ISI 2010-26. Puya berteroniana Mez

One of the standout attractions at the Huntington each April is the flowering of Puya alpestris with its otherworldly, metallic blue-green flowers. The lesser-known runner-up in March is P. berteroniana. Considered by some to be merely a color variant of P. alpestris, P. berteroniana has emerald-green flowers. It also seems to be a more imposing plant with rosettes to 6' across and flower stalks to 8' or more tall. The structure of these stalks is the same, with sterile peduncle branches forming convenient perches for bird pollinators drawn by copious sweet nectar in the flowers which have an odd rancid-butter aroma about them. The plants perform equally well in full sun at the bottom of the Huntington’s Desert Garden, where a few winter frosts in the 20s°F are the norm, as it does in the part shade under the canopy of Aloe barberae trees in the upper garden. HBG 97074, seedlings of HBG 21084, plants collected Dec 8, 1966, by H.A. Mooney (SA # 11) in the Quebrada de la Plata, Chile. Limited, one per customer, $15.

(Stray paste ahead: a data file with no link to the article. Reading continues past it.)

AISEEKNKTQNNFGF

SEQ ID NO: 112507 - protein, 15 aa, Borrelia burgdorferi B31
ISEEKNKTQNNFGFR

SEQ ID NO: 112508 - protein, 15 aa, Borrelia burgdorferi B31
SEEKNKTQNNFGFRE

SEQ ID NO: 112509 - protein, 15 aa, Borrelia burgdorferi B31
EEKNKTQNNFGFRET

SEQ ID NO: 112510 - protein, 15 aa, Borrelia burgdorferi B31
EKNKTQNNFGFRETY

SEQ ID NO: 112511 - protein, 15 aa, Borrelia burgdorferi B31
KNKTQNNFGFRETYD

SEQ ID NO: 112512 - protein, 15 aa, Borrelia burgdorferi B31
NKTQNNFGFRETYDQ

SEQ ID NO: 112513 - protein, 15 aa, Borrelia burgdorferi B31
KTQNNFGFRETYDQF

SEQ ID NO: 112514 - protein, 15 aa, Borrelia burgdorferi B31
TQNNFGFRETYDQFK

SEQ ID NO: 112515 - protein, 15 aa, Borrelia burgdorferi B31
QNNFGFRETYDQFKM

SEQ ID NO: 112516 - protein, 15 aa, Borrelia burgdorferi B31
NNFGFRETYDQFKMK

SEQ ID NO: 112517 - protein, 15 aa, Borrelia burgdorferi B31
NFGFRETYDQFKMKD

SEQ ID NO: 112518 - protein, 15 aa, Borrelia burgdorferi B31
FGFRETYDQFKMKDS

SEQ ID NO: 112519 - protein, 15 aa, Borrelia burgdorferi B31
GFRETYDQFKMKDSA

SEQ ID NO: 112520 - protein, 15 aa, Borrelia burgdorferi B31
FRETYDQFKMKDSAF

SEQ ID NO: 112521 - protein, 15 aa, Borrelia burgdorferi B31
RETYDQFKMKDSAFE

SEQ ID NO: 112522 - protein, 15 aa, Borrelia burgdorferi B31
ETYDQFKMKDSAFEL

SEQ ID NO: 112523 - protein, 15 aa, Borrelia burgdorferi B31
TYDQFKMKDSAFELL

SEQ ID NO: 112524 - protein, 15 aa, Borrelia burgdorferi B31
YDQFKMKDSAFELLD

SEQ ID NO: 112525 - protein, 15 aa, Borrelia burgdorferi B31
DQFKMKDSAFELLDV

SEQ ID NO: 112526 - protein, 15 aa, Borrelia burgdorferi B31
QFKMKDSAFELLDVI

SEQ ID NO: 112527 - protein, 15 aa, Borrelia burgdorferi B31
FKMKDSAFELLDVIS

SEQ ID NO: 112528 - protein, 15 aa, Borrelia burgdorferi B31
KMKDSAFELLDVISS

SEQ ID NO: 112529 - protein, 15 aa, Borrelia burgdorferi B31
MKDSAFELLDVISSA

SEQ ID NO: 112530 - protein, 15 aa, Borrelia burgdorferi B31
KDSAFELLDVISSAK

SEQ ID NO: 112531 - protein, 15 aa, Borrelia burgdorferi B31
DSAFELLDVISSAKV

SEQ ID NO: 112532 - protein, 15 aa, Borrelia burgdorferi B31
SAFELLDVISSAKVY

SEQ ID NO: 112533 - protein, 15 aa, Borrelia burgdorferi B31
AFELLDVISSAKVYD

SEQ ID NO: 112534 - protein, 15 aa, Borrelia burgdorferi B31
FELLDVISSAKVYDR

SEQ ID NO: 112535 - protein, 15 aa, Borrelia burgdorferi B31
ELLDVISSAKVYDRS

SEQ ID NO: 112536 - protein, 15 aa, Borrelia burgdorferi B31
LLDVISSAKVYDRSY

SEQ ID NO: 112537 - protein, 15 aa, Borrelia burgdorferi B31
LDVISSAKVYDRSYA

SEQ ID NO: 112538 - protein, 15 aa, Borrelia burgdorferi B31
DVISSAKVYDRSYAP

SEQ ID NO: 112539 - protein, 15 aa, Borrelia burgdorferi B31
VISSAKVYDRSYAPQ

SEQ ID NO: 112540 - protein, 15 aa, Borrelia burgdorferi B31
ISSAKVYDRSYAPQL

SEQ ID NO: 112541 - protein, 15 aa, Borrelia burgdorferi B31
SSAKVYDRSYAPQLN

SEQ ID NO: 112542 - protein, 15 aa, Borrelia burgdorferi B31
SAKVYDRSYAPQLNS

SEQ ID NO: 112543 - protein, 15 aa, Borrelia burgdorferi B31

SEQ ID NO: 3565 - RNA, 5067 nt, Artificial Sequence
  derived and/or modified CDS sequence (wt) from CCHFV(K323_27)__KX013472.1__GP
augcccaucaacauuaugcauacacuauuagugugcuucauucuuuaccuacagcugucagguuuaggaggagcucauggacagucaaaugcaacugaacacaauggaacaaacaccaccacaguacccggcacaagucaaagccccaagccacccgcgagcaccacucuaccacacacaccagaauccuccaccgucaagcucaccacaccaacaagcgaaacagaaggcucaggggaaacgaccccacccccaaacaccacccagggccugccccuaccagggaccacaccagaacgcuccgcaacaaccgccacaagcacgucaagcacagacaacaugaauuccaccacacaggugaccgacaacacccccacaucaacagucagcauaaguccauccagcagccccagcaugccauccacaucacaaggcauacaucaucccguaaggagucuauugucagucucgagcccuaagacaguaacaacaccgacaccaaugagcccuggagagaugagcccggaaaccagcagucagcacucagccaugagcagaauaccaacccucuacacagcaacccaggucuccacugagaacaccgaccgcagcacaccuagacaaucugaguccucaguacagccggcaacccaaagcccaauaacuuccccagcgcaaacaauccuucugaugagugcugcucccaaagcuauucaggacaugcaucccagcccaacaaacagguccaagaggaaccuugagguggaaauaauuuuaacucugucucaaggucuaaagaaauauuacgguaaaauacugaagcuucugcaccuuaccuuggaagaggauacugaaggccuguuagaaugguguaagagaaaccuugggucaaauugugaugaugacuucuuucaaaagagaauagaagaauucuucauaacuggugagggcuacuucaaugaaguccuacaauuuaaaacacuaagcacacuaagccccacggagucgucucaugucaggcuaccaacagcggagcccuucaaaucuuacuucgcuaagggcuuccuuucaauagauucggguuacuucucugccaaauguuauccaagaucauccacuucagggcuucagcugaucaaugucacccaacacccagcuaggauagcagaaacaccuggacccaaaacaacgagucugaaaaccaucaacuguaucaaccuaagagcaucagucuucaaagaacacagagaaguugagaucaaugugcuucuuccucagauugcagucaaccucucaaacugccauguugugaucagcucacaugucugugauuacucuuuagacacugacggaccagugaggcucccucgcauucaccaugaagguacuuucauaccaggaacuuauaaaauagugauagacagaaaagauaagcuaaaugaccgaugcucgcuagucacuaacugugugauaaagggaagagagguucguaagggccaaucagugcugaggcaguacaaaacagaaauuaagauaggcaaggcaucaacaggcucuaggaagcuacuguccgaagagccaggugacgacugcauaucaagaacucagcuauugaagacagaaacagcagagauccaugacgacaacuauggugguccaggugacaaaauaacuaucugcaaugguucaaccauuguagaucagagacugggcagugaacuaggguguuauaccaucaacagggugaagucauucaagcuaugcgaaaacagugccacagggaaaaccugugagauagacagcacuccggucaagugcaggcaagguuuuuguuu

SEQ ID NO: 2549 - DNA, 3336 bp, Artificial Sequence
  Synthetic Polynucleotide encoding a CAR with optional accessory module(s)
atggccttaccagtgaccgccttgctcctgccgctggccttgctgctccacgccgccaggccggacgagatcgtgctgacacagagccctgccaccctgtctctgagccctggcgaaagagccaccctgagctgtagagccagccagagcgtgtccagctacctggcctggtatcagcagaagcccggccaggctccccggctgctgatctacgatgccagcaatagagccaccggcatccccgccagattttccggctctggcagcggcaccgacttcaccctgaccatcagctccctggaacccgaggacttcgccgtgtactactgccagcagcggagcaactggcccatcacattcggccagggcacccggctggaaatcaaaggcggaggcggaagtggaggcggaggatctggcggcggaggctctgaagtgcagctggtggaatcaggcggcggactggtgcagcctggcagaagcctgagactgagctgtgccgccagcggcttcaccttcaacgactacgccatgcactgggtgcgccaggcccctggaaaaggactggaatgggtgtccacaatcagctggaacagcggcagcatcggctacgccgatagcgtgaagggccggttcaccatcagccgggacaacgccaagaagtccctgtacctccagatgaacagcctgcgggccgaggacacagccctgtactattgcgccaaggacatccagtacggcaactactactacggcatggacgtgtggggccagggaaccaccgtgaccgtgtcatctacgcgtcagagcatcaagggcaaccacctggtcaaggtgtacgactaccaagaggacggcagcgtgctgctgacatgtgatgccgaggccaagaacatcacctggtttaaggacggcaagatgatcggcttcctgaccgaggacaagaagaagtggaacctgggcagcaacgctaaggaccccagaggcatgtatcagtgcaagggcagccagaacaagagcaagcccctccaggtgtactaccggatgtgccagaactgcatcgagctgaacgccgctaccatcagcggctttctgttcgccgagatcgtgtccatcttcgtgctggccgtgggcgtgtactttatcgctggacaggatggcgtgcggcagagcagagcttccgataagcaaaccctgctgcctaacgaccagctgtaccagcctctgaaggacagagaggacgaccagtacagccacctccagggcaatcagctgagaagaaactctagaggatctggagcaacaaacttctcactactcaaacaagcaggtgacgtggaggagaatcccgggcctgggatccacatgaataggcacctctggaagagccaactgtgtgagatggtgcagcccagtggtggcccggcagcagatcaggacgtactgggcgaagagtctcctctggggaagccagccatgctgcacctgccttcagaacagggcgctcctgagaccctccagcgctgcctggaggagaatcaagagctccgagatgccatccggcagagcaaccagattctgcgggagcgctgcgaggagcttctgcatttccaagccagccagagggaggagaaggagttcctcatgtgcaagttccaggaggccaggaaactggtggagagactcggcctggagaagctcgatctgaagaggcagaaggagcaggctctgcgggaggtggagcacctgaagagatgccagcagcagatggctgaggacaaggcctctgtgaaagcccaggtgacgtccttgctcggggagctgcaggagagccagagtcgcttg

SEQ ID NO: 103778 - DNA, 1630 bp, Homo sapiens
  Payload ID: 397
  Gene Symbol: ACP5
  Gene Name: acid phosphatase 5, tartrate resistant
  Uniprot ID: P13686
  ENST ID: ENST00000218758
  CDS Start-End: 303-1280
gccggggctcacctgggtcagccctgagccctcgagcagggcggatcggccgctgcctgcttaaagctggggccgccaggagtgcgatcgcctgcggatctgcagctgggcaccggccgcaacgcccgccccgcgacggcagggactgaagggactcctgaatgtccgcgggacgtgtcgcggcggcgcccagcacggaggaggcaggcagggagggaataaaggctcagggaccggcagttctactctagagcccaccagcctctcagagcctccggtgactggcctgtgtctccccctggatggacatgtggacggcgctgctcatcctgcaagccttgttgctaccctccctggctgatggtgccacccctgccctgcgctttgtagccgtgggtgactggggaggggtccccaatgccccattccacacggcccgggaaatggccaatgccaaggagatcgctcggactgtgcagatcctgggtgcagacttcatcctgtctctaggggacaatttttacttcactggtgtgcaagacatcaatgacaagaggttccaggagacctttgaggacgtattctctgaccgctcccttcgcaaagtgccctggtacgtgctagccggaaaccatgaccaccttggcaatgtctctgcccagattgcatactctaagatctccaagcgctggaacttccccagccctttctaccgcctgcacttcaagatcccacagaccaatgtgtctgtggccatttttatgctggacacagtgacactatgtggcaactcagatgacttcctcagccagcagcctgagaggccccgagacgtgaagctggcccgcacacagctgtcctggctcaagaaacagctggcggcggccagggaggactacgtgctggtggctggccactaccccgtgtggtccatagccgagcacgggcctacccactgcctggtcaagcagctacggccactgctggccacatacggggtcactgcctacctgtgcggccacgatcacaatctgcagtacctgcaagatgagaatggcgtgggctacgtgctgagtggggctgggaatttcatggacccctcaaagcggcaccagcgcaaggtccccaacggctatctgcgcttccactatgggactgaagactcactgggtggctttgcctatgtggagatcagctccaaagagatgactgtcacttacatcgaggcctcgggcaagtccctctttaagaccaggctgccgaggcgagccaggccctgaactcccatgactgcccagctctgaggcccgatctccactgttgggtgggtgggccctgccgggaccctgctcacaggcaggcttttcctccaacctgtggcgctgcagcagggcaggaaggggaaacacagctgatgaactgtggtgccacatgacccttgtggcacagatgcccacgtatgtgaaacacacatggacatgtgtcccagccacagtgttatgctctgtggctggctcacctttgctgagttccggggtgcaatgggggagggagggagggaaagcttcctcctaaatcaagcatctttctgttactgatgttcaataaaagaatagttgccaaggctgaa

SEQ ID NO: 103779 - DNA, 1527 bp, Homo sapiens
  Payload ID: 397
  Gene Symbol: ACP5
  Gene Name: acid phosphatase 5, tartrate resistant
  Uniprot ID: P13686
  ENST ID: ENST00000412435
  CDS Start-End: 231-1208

Correction, published in the Cactus and Succulent Journal Vol. 86 (2), March - April, 2014

Zizka et al. have clarified the application of this name in a recent revision of Chilean puyas in Brittonia (July 9, 2013, online). The name P. berteroniana applies to a very rare natural hybrid of P. alpestris with a species of the P. coerulea group so should properly be P. ×berteroniana. The authors also clarify the spelling used here rather than the sometimes seen P. berteroana. What has been widely grown as P. berteroniana represents a northerly variant of P. alpestris described in this paper as P. alpestris ssp. zoellneri so this is the appropriate name for ISI 2010-26.

Photo © 2010 by John N. Trager. Images may not be used elsewhere without permission.

Published in the Cactus and Succulent Journal, Vol. 82 (2), March - April, 2010